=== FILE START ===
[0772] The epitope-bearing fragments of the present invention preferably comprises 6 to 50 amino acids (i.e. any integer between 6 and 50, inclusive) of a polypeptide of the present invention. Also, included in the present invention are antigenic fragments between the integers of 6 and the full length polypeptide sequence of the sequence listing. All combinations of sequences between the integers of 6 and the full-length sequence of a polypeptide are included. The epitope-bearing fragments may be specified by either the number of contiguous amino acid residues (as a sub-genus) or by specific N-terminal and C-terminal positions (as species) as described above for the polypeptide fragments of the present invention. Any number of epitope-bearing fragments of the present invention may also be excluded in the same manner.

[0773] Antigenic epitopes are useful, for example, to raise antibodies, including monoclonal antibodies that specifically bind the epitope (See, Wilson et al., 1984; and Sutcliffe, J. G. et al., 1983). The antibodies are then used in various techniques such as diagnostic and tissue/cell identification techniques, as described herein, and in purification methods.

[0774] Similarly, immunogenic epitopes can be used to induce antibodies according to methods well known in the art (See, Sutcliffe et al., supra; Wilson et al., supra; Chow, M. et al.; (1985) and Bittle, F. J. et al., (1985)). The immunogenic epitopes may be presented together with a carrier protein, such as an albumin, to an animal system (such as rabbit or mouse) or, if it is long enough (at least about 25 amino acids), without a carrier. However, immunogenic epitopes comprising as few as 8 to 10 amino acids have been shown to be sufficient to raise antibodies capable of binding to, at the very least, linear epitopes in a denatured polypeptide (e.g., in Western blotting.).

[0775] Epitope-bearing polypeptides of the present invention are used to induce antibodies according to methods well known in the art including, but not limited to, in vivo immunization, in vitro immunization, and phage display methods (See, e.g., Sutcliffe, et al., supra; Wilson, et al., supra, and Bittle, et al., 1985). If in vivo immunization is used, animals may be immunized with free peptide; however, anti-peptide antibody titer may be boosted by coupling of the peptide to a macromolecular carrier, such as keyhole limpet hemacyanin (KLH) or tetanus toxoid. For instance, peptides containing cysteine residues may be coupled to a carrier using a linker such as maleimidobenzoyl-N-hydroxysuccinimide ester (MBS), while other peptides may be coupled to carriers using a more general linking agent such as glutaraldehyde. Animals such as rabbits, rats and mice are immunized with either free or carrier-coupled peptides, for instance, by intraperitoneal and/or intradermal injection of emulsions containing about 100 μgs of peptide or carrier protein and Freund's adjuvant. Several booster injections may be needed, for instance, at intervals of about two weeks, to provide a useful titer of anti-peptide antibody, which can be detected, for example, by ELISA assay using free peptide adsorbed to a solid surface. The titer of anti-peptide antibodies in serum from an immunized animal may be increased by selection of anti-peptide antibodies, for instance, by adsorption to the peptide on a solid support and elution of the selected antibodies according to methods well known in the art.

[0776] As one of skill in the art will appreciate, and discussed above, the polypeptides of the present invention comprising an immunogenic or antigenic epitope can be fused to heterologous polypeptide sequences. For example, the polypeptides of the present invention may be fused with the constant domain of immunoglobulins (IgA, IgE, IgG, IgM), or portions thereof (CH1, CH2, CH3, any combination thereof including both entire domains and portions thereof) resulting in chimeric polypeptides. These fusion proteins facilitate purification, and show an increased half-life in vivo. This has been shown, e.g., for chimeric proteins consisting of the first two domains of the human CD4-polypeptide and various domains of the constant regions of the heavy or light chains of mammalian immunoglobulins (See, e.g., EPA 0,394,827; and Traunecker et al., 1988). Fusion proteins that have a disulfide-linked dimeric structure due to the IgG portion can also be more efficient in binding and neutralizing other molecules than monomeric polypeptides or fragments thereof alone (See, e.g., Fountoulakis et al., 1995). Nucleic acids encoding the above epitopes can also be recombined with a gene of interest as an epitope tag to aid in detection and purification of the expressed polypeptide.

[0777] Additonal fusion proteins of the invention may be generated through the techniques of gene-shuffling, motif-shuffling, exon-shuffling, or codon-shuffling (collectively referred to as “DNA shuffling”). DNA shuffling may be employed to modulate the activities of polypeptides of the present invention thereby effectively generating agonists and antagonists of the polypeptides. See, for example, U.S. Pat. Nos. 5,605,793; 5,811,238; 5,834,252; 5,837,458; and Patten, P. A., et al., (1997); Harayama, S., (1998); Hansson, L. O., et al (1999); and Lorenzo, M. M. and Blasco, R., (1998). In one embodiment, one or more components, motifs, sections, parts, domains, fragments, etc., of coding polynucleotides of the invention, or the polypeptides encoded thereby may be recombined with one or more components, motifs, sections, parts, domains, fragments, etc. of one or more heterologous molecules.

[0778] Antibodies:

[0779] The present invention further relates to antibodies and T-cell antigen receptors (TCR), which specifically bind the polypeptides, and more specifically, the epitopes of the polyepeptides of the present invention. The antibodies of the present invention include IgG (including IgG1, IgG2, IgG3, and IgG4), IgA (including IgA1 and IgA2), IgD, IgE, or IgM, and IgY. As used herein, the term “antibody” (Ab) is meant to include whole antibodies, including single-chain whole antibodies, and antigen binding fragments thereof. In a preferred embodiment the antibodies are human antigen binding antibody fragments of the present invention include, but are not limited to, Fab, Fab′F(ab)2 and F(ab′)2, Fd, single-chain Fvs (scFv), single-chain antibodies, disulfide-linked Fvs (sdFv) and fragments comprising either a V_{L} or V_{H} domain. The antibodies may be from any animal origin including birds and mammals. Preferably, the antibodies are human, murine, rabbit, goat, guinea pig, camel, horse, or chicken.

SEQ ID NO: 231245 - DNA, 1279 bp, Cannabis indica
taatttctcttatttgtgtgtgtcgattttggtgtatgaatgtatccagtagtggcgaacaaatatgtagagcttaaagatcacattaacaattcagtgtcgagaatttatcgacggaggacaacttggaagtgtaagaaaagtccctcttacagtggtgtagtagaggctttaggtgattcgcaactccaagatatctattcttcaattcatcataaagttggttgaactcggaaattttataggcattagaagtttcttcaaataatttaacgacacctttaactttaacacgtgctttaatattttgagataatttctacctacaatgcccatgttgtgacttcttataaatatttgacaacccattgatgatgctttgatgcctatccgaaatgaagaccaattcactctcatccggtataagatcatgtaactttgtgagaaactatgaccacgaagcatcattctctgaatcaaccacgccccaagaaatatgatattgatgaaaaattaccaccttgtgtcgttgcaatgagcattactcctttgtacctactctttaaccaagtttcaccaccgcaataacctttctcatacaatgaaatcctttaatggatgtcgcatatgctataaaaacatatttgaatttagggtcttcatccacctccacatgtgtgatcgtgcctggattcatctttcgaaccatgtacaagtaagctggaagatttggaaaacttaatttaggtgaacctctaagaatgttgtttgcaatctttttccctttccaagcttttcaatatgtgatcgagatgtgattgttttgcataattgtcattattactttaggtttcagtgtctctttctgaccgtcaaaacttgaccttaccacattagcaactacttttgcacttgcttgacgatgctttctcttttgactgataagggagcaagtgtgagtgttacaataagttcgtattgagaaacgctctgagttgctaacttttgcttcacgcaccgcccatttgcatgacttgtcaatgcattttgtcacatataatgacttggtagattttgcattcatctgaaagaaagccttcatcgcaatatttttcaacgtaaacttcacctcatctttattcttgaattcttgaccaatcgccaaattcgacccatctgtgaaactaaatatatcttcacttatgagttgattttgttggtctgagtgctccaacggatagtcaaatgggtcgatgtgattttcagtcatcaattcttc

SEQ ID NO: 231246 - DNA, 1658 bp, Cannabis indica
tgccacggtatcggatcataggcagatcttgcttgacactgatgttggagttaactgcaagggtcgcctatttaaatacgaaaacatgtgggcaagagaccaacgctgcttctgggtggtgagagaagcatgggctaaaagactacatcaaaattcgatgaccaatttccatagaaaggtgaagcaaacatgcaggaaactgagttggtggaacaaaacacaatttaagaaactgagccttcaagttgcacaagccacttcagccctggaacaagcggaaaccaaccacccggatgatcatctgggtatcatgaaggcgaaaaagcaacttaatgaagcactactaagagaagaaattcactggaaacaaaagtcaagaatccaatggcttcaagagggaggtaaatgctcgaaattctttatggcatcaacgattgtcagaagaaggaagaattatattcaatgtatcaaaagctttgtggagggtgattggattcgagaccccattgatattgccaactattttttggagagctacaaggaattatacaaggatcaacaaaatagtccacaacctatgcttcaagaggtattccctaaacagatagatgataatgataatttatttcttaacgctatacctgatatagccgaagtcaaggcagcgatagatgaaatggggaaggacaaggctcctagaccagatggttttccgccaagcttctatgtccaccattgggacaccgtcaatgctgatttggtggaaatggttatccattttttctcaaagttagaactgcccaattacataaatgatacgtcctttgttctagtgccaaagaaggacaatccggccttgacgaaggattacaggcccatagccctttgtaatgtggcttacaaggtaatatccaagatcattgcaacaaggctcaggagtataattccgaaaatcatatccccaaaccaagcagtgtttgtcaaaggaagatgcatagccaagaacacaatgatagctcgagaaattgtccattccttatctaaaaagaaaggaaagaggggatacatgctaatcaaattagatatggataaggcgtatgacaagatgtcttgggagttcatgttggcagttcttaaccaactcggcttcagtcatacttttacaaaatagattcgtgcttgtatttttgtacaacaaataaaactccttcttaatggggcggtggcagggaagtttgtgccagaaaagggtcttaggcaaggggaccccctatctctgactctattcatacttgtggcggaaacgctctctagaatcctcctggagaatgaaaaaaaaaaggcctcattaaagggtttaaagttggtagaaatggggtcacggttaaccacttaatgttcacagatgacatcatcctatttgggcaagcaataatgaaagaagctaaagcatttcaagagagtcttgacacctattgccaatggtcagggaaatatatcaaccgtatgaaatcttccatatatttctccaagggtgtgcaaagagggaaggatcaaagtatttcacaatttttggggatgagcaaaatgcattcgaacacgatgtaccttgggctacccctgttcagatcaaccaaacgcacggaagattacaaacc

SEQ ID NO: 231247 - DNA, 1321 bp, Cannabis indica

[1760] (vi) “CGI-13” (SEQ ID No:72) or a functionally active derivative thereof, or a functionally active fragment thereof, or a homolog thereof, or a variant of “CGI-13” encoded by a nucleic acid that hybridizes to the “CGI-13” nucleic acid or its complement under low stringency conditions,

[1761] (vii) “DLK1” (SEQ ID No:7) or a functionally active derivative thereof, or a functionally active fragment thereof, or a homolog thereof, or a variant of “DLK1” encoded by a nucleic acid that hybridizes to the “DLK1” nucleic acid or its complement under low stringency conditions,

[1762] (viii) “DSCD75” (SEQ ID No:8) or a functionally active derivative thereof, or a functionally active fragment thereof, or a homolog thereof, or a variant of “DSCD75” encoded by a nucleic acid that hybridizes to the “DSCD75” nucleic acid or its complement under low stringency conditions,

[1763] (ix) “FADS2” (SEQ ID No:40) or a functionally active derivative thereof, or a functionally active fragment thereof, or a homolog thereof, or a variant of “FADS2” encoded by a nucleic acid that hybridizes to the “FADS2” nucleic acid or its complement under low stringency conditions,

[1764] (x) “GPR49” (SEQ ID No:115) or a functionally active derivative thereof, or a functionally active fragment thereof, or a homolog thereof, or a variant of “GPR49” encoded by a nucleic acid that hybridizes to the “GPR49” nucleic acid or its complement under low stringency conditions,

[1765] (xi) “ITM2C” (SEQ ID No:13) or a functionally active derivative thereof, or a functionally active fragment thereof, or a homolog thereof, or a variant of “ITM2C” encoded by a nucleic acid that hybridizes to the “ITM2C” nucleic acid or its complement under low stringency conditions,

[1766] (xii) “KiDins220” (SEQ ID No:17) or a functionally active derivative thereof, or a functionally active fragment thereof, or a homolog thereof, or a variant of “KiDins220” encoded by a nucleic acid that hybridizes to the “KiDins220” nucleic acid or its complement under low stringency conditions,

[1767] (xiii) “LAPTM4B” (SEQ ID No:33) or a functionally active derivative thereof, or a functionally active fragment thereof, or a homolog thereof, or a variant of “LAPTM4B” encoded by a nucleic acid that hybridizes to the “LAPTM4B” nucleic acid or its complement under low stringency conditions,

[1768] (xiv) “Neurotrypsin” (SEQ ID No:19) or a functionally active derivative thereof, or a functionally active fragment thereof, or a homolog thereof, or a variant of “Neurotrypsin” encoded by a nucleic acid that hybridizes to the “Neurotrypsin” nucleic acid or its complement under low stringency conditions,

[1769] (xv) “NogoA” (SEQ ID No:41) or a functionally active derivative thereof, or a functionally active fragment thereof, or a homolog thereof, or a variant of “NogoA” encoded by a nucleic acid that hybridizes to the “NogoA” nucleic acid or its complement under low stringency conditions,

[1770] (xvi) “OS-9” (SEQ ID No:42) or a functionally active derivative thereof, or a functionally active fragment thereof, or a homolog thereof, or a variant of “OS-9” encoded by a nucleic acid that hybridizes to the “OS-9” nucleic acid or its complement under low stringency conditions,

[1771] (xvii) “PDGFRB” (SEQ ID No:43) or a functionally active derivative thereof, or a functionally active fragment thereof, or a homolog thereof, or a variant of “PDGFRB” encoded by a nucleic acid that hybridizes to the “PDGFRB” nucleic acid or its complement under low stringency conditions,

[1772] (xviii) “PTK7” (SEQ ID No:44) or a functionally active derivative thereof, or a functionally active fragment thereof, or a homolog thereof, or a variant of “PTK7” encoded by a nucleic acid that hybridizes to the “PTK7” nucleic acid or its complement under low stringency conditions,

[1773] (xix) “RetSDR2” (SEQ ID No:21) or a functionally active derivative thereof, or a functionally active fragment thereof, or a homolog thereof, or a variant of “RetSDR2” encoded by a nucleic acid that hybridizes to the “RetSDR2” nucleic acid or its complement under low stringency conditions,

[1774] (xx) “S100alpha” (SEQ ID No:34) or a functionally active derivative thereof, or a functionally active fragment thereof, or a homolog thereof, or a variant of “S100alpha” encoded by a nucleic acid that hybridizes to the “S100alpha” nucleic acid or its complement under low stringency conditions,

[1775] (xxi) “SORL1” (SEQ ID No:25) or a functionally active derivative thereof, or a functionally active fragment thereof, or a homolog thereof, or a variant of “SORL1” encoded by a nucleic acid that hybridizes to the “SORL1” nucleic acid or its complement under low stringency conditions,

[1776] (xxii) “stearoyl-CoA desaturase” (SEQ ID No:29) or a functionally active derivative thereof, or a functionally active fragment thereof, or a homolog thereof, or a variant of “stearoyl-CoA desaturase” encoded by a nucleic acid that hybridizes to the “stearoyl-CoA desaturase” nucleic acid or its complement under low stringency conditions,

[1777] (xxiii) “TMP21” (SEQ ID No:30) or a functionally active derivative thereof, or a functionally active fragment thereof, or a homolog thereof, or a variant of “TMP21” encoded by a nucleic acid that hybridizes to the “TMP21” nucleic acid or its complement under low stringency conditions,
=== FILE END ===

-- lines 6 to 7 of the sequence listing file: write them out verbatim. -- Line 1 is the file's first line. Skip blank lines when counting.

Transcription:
[0777] Additonal fusion proteins of the invention may be generated through the techniques of gene-shuffling, motif-shuffling, exon-shuffling, or codon-shuffling (collectively referred to as “DNA shuffling”). DNA shuffling may be employed to modulate the activities of polypeptides of the present invention thereby effectively generating agonists and antagonists of the polypeptides. See, for example, U.S. Pat. Nos. 5,605,793; 5,811,238; 5,834,252; 5,837,458; and Patten, P. A., et al., (1997); Harayama, S., (1998); Hansson, L. O., et al (1999); and Lorenzo, M. M. and Blasco, R., (1998). In one embodiment, one or more components, motifs, sections, parts, domains, fragments, etc., of coding polynucleotides of the invention, or the polypeptides encoded thereby may be recombined with one or more components, motifs, sections, parts, domains, fragments, etc. of one or more heterologous molecules.

[0778] Antibodies: